A version of this post originally appeared in the October 22, 2020 issue with the email subject line "Scary monsters and super creeps" and an essay about the danger of big marketing stats.

Do I miss when people look over my shoulder so I can demonstrate software? Not really, but in the pandemic era, I don’t have to worry about it anyway. However, instructive screen recordings have long been a bit of a pain, not necessarily to produce but to upload and send to your target audience.

Despite the rhyme, Loom has no connection with Zoom except that it’s a freemium self-service video platform that has recently risen in popularity. But Loom is quickly becoming a standard, shorthand name for quick and easy screen recordings.

And it’s a keeper! Since I’m not a fan of excessive Chrome extensions these days, I'm happy to have the choice of Loom’s desktop software or an extension. Loom also has a really lovely Privacy for Humans policy on their website, which outlines data they collect and explanation for all the tools they use to run and analyze the software.

Loom at a glance

Visual review of Loom features: Uses cutting-edge technology; promotes efficiency; integrates with common tools; monthly price of a lunch salad; finely tuned; team-oriented; intuitive

Loom records video and audio of your screen and is primarily used for software demonstration: using a new CMS, training someone on Google Analytics, etc. Its easy-to-use desktop software captures your screen and mic in tandem, then saves your video immediately to the Loom platform for editing and sharing.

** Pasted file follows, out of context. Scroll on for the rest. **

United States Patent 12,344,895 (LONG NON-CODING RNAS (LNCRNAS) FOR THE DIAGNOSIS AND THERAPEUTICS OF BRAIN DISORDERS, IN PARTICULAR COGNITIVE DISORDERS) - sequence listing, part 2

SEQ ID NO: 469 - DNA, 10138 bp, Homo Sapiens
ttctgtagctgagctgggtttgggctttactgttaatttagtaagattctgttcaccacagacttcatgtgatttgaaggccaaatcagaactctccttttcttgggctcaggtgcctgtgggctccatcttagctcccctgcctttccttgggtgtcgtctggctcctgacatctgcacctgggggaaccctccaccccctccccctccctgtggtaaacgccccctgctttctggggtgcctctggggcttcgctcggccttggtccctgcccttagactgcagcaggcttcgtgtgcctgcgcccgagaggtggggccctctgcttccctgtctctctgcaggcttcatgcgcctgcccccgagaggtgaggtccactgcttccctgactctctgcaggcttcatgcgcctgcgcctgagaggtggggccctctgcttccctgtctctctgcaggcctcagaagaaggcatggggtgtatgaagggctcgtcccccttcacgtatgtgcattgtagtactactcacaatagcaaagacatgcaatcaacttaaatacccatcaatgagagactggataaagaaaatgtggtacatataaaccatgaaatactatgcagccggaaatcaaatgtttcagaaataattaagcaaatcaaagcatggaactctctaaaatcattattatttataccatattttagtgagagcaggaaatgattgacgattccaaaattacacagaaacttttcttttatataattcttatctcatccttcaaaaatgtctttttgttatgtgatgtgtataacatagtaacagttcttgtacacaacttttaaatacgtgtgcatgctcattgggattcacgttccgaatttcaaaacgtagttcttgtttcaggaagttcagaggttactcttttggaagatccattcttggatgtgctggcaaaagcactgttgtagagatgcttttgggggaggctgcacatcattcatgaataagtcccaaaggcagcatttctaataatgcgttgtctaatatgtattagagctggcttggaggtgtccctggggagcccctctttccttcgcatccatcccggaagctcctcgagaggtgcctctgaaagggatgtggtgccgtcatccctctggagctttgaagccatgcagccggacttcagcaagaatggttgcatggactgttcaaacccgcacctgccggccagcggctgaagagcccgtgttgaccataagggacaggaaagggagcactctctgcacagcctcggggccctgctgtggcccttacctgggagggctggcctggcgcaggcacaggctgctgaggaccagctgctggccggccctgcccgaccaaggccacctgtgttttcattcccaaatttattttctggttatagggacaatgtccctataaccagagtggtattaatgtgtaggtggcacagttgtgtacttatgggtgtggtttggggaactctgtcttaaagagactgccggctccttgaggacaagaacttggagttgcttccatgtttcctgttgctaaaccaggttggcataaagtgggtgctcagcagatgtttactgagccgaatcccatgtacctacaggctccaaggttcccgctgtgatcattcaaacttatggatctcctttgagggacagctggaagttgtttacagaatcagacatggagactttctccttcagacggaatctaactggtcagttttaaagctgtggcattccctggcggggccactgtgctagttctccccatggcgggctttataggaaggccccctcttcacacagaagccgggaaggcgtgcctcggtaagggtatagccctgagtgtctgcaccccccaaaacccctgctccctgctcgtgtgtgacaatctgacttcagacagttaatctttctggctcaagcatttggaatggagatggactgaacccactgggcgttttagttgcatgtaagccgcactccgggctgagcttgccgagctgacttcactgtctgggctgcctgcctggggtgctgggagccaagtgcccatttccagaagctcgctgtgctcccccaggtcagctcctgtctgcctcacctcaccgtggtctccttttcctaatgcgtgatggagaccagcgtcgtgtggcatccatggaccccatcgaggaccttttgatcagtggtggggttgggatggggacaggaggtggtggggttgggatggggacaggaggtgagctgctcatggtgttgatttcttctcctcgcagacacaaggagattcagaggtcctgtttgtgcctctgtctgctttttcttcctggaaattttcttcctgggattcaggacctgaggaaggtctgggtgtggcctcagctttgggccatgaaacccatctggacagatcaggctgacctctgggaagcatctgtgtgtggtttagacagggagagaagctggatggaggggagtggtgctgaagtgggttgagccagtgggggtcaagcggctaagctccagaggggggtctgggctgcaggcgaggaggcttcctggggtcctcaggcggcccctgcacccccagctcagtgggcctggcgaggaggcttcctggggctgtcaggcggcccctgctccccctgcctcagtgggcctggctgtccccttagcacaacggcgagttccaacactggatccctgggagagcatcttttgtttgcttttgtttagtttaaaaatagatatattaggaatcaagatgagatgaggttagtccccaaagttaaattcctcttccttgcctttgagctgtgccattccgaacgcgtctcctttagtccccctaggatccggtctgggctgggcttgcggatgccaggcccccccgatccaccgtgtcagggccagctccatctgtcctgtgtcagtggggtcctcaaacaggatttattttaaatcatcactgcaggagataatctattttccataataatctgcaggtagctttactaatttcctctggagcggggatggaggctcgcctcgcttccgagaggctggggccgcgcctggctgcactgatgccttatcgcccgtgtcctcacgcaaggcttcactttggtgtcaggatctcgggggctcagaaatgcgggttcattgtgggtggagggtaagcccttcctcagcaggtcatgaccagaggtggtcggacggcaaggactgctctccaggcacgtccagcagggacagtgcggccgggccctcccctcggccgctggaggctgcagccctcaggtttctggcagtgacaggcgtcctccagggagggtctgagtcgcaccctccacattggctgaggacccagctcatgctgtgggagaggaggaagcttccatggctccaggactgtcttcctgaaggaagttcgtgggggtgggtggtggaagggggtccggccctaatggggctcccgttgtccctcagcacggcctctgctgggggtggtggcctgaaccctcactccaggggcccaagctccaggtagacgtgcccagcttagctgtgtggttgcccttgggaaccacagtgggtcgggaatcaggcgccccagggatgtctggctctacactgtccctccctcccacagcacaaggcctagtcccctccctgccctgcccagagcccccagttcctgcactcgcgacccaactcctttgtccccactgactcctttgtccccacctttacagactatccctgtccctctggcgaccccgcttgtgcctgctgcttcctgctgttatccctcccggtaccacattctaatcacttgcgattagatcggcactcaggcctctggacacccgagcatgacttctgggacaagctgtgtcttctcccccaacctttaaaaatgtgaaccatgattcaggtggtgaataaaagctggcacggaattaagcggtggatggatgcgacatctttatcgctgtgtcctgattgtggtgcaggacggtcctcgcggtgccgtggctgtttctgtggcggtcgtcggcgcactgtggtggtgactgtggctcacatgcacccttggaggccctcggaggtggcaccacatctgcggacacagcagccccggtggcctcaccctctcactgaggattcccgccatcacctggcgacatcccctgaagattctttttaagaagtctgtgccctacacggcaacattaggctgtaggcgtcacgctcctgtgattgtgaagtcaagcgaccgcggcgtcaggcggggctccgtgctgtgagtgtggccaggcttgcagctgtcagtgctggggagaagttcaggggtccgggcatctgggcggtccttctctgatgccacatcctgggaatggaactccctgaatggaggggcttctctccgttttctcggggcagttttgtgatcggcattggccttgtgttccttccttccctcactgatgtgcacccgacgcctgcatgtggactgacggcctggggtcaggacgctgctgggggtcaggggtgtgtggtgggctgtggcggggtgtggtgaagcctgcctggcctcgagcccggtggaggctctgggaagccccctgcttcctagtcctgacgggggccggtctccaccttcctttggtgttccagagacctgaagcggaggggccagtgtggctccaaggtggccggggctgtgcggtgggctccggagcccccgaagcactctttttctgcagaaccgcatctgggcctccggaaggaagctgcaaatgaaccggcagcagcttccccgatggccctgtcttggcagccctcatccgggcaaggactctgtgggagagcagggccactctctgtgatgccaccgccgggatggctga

The tools’s strength is its extremely fast processing and sharing of these screen recording videos. Sharing a minute-long demo video directly with a client or embed in your help center is far easier than uploading to YouTube or a video hosting platform like Wistia. Those channels have their place, but Loom serves a more immediate, less produced need.

When you have bad takes, you have to go into the platform and delete them, but the casual, one-off nature of Loom means that your word flubs and ums and ahs are more acceptable, most of the time.

If you want to use your Loom videos elsewhere, you can download. Or, if they’re super amazing, you can make them public and indexable in Google search via toggle.

Loom’s low price point and extremely flexible nature puts it almost in the too-good-to-be-true category. Will it be purchased by one of the big tech players and or eventually become extraordinarily expensive? Maybe, but I’m not here to speculate on that.

For the moment, Loom is worth the low monthly cost of easy demonstration videos.